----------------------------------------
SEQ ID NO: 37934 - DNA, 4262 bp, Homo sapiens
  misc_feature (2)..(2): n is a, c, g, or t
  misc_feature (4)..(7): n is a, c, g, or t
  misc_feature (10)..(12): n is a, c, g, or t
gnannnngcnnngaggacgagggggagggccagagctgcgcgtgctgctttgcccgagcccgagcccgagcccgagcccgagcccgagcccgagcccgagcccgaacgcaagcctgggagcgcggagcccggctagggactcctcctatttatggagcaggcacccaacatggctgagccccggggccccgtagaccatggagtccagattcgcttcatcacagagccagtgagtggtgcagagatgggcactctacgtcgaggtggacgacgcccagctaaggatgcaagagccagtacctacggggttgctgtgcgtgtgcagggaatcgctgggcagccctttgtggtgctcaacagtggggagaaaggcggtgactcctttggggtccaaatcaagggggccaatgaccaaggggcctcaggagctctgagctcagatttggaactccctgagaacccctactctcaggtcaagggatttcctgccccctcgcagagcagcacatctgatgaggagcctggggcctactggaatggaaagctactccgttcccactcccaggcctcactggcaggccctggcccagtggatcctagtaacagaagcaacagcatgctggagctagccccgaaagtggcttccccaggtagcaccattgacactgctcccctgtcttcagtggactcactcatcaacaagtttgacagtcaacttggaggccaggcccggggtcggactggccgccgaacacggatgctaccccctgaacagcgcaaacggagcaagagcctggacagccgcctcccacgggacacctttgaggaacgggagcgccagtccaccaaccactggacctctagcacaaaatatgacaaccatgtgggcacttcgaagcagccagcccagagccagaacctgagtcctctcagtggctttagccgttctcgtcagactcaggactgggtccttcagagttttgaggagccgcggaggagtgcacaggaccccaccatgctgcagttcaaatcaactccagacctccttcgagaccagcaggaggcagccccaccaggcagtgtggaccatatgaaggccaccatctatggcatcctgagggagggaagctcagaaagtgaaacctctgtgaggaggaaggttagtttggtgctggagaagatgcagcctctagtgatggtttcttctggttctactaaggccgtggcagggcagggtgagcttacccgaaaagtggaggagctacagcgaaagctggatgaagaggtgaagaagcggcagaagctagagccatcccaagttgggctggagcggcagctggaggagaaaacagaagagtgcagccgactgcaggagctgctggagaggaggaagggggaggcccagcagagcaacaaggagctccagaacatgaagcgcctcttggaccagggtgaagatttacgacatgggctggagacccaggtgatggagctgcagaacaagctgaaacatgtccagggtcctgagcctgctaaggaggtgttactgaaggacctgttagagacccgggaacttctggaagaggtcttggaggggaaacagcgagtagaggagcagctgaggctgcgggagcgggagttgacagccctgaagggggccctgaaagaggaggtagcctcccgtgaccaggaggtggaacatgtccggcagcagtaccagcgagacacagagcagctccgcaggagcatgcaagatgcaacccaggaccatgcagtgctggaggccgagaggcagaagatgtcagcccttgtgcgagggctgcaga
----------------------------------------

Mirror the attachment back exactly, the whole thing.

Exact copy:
SEQ ID NO: 37934 - DNA, 4262 bp, Homo sapiens
  misc_feature (2)..(2): n is a, c, g, or t
  misc_feature (4)..(7): n is a, c, g, or t
  misc_feature (10)..(12): n is a, c, g, or t
gnannnngcnnngaggacgagggggagggccagagctgcgcgtgctgctttgcccgagcccgagcccgagcccgagcccgagcccgagcccgagcccgagcccgaacgcaagcctgggagcgcggagcccggctagggactcctcctatttatggagcaggcacccaacatggctgagccccggggccccgtagaccatggagtccagattcgcttcatcacagagccagtgagtggtgcagagatgggcactctacgtcgaggtggacgacgcccagctaaggatgcaagagccagtacctacggggttgctgtgcgtgtgcagggaatcgctgggcagccctttgtggtgctcaacagtggggagaaaggcggtgactcctttggggtccaaatcaagggggccaatgaccaaggggcctcaggagctctgagctcagatttggaactccctgagaacccctactctcaggtcaagggatttcctgccccctcgcagagcagcacatctgatgaggagcctggggcctactggaatggaaagctactccgttcccactcccaggcctcactggcaggccctggcccagtggatcctagtaacagaagcaacagcatgctggagctagccccgaaagtggcttccccaggtagcaccattgacactgctcccctgtcttcagtggactcactcatcaacaagtttgacagtcaacttggaggccaggcccggggtcggactggccgccgaacacggatgctaccccctgaacagcgcaaacggagcaagagcctggacagccgcctcccacgggacacctttgaggaacgggagcgccagtccaccaaccactggacctctagcacaaaatatgacaaccatgtgggcacttcgaagcagccagcccagagccagaacctgagtcctctcagtggctttagccgttctcgtcagactcaggactgggtccttcagagttttgaggagccgcggaggagtgcacaggaccccaccatgctgcagttcaaatcaactccagacctccttcgagaccagcaggaggcagccccaccaggcagtgtggaccatatgaaggccaccatctatggcatcctgagggagggaagctcagaaagtgaaacctctgtgaggaggaaggttagtttggtgctggagaagatgcagcctctagtgatggtttcttctggttctactaaggccgtggcagggcagggtgagcttacccgaaaagtggaggagctacagcgaaagctggatgaagaggtgaagaagcggcagaagctagagccatcccaagttgggctggagcggcagctggaggagaaaacagaagagtgcagccgactgcaggagctgctggagaggaggaagggggaggcccagcagagcaacaaggagctccagaacatgaagcgcctcttggaccagggtgaagatttacgacatgggctggagacccaggtgatggagctgcagaacaagctgaaacatgtccagggtcctgagcctgctaaggaggtgttactgaaggacctgttagagacccgggaacttctggaagaggtcttggaggggaaacagcgagtagaggagcagctgaggctgcgggagcgggagttgacagccctgaagggggccctgaaagaggaggtagcctcccgtgaccaggaggtggaacatgtccggcagcagtaccagcgagacacagagcagctccgcaggagcatgcaagatgcaacccaggaccatgcagtgctggaggccgagaggcagaagatgtcagcccttgtgcgagggctgcaga